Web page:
Every now and then—and particularly at certain milestones—it's good to take a little time out to think about what our career goals are and how we're going to reach them. But what are the best ways to set goals? And how do you ensure you'll stick to them?
Richard Brown, managing partner at Cognosis, a London-based strategy consultancy, says: "You should have three goals or less. Any more and you won't be able to focus on them."
When considering your goals for the next, say, 12 months, think about how they fit into where you are heading over the next five years. "It may help to see them in the light of your longer-term vision for your career" says Brown.
"The two main factors are your personality and the nature of the goal," says Jane Clarke, a director at business psychologists NicholsonMcBride. "Where we go wrong is that we assume that what works for one successful person will work for you. But you will often find on some level that you don't want it enough. So you need to think about your motivation—for instance, is it status or work–life balance? Look back over your career—what has worked?"
Clarke also suggests using the technique of reframing, which involves trying to view goals that may not initially feel very "you" in terms of the benefits they can bring you. You could also visualize how you will feel when you have achieved your goals.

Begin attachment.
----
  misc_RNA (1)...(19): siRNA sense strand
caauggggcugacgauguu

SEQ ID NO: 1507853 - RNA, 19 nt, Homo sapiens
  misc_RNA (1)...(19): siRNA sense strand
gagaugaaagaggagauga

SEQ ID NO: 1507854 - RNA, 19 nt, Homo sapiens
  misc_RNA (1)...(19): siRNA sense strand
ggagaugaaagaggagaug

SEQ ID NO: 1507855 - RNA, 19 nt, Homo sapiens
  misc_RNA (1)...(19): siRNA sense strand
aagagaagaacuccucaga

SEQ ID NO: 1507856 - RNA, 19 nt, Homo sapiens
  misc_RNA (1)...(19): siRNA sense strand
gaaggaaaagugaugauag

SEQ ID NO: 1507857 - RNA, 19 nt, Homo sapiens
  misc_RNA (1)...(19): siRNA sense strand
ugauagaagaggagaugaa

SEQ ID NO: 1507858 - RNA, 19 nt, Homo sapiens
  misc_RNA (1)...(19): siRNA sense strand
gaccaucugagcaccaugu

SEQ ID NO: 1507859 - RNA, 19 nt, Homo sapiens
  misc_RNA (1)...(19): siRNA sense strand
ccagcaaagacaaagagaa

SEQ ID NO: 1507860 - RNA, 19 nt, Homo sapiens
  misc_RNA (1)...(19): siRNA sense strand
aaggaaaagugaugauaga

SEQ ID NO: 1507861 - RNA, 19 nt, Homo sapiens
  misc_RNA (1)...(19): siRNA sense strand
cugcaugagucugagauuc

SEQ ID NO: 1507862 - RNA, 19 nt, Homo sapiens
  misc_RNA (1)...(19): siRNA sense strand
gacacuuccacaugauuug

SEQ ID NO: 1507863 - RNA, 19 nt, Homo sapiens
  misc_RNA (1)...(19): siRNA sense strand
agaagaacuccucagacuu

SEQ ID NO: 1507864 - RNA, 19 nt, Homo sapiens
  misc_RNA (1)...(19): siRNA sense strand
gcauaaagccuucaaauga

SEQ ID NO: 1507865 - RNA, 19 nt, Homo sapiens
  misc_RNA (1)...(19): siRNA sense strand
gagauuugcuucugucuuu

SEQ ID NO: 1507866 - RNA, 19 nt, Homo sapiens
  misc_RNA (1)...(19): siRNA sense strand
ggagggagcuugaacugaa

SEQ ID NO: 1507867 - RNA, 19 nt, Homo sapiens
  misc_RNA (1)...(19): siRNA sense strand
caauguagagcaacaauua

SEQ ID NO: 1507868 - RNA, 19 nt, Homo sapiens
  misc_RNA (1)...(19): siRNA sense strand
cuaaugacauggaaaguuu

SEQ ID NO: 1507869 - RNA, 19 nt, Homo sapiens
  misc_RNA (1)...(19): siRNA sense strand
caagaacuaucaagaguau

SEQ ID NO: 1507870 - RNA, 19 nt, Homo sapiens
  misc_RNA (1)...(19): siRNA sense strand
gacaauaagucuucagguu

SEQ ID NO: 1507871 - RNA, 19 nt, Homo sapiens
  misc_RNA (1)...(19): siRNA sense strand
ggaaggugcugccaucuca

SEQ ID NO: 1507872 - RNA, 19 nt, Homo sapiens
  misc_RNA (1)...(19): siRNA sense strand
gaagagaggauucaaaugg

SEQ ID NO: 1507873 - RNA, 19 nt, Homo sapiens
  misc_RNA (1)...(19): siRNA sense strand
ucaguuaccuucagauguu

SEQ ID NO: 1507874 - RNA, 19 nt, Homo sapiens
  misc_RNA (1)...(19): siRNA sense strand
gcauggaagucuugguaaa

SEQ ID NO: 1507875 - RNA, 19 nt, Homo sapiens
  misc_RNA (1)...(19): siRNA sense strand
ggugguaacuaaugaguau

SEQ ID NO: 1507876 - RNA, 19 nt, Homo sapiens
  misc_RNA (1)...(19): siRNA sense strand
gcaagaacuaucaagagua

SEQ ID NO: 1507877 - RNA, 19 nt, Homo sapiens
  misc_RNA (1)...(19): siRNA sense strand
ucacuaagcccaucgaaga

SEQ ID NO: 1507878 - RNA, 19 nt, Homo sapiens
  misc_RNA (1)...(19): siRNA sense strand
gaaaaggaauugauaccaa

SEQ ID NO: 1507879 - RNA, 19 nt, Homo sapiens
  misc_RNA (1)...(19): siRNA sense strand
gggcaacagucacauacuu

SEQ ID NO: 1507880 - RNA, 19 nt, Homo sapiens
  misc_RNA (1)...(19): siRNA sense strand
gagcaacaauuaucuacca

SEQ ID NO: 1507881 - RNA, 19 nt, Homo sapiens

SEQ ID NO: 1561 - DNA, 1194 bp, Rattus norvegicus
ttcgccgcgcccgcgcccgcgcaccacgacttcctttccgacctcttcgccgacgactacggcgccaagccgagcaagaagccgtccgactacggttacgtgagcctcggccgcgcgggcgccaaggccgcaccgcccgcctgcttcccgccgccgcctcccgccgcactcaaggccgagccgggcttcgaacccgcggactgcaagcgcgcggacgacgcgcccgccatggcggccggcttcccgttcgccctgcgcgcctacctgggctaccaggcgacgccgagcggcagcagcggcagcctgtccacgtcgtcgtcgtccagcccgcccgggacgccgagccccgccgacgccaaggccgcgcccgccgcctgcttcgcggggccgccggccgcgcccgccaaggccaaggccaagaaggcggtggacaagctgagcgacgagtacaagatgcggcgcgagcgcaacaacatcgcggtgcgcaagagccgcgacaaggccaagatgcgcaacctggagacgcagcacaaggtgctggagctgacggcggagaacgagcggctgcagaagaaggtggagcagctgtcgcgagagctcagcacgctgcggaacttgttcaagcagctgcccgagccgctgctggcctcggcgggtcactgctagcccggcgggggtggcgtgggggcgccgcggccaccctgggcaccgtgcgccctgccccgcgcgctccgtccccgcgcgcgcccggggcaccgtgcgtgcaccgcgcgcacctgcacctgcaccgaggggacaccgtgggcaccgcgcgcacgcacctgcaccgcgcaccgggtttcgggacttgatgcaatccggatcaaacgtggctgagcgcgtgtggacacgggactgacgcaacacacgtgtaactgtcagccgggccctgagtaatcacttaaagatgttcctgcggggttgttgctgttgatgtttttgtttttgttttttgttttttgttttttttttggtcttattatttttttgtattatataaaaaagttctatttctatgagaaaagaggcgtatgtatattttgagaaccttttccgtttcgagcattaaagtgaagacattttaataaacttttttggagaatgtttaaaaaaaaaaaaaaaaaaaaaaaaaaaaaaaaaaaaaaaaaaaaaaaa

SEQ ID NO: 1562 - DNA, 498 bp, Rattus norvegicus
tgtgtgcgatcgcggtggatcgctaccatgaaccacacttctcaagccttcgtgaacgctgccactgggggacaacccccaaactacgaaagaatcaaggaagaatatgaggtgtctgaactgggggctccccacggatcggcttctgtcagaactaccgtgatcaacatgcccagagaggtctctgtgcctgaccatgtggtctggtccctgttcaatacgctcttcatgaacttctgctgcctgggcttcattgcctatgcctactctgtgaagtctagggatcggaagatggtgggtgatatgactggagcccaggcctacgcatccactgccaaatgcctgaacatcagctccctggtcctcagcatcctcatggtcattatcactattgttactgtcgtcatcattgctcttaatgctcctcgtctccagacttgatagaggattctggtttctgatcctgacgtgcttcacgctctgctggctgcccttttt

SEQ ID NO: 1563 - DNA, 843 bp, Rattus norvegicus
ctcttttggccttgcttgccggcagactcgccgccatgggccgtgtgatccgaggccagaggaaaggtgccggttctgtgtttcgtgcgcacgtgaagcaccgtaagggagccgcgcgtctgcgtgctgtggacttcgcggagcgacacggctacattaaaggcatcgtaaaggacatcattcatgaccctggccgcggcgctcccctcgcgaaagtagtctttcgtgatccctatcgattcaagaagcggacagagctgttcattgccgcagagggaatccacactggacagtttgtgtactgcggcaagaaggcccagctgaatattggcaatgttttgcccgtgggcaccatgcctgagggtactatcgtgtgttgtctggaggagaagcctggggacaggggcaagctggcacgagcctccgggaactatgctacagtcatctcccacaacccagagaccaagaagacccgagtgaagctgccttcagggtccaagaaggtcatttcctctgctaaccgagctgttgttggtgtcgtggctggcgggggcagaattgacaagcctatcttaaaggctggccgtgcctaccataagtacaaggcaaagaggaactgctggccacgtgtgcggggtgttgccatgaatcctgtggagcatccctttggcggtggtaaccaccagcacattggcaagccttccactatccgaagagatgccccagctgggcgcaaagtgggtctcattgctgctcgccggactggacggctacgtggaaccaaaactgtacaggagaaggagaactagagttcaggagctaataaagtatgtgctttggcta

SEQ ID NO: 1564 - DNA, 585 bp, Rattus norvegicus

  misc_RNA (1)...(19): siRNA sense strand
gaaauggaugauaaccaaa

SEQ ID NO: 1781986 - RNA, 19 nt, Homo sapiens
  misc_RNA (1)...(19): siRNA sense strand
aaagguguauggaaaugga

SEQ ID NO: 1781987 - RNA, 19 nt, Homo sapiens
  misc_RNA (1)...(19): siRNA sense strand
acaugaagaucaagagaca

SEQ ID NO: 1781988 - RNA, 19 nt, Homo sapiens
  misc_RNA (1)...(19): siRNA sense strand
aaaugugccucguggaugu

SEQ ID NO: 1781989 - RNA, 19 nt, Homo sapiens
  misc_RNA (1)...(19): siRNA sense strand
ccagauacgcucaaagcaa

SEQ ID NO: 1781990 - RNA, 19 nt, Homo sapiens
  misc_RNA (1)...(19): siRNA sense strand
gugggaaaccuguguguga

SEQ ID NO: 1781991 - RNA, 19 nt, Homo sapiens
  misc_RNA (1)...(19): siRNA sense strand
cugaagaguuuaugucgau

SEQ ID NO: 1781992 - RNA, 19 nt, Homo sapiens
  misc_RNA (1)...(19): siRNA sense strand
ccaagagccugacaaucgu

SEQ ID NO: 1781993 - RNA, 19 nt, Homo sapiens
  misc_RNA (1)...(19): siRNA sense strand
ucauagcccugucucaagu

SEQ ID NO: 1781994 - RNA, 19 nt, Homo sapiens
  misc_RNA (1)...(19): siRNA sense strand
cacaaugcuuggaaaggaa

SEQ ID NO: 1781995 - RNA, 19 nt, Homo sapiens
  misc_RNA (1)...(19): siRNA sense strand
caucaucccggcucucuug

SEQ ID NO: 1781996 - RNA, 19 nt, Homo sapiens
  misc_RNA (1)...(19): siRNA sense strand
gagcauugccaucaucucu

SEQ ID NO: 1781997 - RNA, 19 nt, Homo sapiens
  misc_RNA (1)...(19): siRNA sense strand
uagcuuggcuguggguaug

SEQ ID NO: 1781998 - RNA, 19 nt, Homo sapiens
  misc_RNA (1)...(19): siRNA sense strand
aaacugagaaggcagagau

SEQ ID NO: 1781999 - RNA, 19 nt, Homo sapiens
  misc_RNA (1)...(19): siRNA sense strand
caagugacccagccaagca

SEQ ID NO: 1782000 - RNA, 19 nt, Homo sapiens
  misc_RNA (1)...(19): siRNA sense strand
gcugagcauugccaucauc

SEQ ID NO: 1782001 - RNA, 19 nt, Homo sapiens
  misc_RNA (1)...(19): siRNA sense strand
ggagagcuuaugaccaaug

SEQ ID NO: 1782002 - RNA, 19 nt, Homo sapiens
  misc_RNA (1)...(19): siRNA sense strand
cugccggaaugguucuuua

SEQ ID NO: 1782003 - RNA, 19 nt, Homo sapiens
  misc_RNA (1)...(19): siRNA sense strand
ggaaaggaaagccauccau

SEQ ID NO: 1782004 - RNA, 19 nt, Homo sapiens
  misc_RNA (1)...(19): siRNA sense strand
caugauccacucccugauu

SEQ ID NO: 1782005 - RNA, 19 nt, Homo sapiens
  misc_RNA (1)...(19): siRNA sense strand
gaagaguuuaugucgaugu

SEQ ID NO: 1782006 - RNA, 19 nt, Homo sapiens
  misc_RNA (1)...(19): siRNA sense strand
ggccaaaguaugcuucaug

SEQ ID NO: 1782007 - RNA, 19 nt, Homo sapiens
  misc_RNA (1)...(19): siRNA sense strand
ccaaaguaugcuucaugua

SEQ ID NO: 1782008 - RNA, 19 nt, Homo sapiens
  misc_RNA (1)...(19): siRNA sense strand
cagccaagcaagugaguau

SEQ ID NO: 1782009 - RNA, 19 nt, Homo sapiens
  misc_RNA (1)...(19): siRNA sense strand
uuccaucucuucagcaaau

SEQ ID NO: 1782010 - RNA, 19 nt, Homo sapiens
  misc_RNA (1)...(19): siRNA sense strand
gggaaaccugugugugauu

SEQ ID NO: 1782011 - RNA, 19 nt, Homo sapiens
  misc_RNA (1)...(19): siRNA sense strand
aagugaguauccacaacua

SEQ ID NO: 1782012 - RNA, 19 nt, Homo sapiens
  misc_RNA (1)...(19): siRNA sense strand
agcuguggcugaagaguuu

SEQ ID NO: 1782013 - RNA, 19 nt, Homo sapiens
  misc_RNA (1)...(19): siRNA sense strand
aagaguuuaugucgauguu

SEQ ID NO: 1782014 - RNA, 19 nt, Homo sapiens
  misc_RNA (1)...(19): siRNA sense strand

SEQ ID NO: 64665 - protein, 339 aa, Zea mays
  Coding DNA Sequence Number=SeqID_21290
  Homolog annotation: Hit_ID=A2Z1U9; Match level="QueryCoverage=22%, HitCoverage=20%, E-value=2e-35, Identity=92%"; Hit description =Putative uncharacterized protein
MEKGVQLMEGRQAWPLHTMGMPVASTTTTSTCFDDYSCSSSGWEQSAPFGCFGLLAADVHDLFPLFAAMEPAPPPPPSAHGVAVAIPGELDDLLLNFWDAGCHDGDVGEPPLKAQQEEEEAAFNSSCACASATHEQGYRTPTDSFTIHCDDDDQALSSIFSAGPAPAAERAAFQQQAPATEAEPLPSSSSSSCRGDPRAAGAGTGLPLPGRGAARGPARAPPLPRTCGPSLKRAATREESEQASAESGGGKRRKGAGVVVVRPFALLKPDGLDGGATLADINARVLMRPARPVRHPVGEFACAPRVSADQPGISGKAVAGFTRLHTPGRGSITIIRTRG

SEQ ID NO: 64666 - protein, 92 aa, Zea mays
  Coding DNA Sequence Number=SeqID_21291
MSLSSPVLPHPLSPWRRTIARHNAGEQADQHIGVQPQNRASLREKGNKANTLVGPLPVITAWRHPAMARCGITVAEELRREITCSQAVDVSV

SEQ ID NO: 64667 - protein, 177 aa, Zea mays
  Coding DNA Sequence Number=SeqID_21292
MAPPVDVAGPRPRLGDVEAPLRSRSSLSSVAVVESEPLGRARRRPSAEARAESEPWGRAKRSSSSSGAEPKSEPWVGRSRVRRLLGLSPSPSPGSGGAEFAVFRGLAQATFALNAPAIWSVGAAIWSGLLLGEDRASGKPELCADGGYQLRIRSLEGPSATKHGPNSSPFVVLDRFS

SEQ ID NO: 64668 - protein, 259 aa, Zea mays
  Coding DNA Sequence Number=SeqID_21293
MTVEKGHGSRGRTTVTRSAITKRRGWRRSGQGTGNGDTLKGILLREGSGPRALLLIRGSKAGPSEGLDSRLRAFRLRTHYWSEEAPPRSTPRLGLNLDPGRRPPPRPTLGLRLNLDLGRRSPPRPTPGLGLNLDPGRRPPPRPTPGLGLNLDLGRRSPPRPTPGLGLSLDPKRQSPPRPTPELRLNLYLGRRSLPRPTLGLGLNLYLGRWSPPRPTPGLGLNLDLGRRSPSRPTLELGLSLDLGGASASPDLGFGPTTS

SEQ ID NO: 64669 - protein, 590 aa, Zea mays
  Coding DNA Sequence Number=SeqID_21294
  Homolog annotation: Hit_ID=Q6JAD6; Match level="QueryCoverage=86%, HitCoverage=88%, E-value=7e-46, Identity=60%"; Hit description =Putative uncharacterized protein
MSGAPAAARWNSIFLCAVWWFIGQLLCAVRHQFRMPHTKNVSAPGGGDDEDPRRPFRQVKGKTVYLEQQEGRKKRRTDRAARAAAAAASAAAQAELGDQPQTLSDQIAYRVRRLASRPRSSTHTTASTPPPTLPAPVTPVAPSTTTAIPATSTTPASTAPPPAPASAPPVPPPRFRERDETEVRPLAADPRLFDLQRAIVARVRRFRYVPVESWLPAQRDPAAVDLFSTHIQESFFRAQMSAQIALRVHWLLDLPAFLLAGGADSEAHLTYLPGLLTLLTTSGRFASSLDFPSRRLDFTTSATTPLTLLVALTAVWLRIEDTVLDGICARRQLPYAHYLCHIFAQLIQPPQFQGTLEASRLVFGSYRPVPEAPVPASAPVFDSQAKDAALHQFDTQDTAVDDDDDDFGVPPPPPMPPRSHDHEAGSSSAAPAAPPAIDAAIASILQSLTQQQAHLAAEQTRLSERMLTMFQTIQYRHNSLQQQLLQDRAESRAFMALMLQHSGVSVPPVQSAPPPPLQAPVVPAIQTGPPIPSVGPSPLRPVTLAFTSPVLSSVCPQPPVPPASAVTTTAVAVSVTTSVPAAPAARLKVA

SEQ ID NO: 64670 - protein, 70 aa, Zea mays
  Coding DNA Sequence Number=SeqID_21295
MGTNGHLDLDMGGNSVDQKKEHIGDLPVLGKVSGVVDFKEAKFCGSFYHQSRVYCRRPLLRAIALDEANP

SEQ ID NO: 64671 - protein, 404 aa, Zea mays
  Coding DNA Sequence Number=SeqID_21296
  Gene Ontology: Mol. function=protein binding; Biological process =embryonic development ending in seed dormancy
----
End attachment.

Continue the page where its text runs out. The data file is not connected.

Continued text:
"Break them down," says Standolyn Robertson, a personal organization expert. "If any part seems overwhelming, then you have not broken it down enough. Individual tasks have to be within reach." For instance, if your goal is to change career, step one is rewriting your CV.
Robertson also advises getting organized, by which she does not mean tidying your desk (although that may help); rather, you need to deal with the problems that are preventing you focusing on career goals.
If you are serious about attaining goals, you should prioritize them over everything else, says Clarke. Just as important, you should make sure that those around you understand your priorities. This goes for everything from "I'm going to raise my profile" to "I'm going to pick my kids up from school twice a week."
This does not mean you should not do ordinary, day-to-day work; but it does mean that working towards the goal should not constantly take a back seat to ordinary work. Learn to distinguish between what is urgent and what is important. So, block off time in your diary to achieve your goal and treat it as you would any other business engagement.
You should also keep track of your progress. Give yourself deadlines and appraise yourself monthly or quarterly.
"You should keep your goals close to hand," says Brown. "Have them on cards on your desk or on a screen saver."
It is a good idea to share the goal with someone else at work. Two people are far more likely to stick with something than one. Alternatively, you could turn to a coach. "Anything that gives you accountability will help you achieve your goals," says Robertson.
It is a workplace cliché, but what do people really mean when they say you should be ahead of the curve? And how do you get there?
Where do you begin?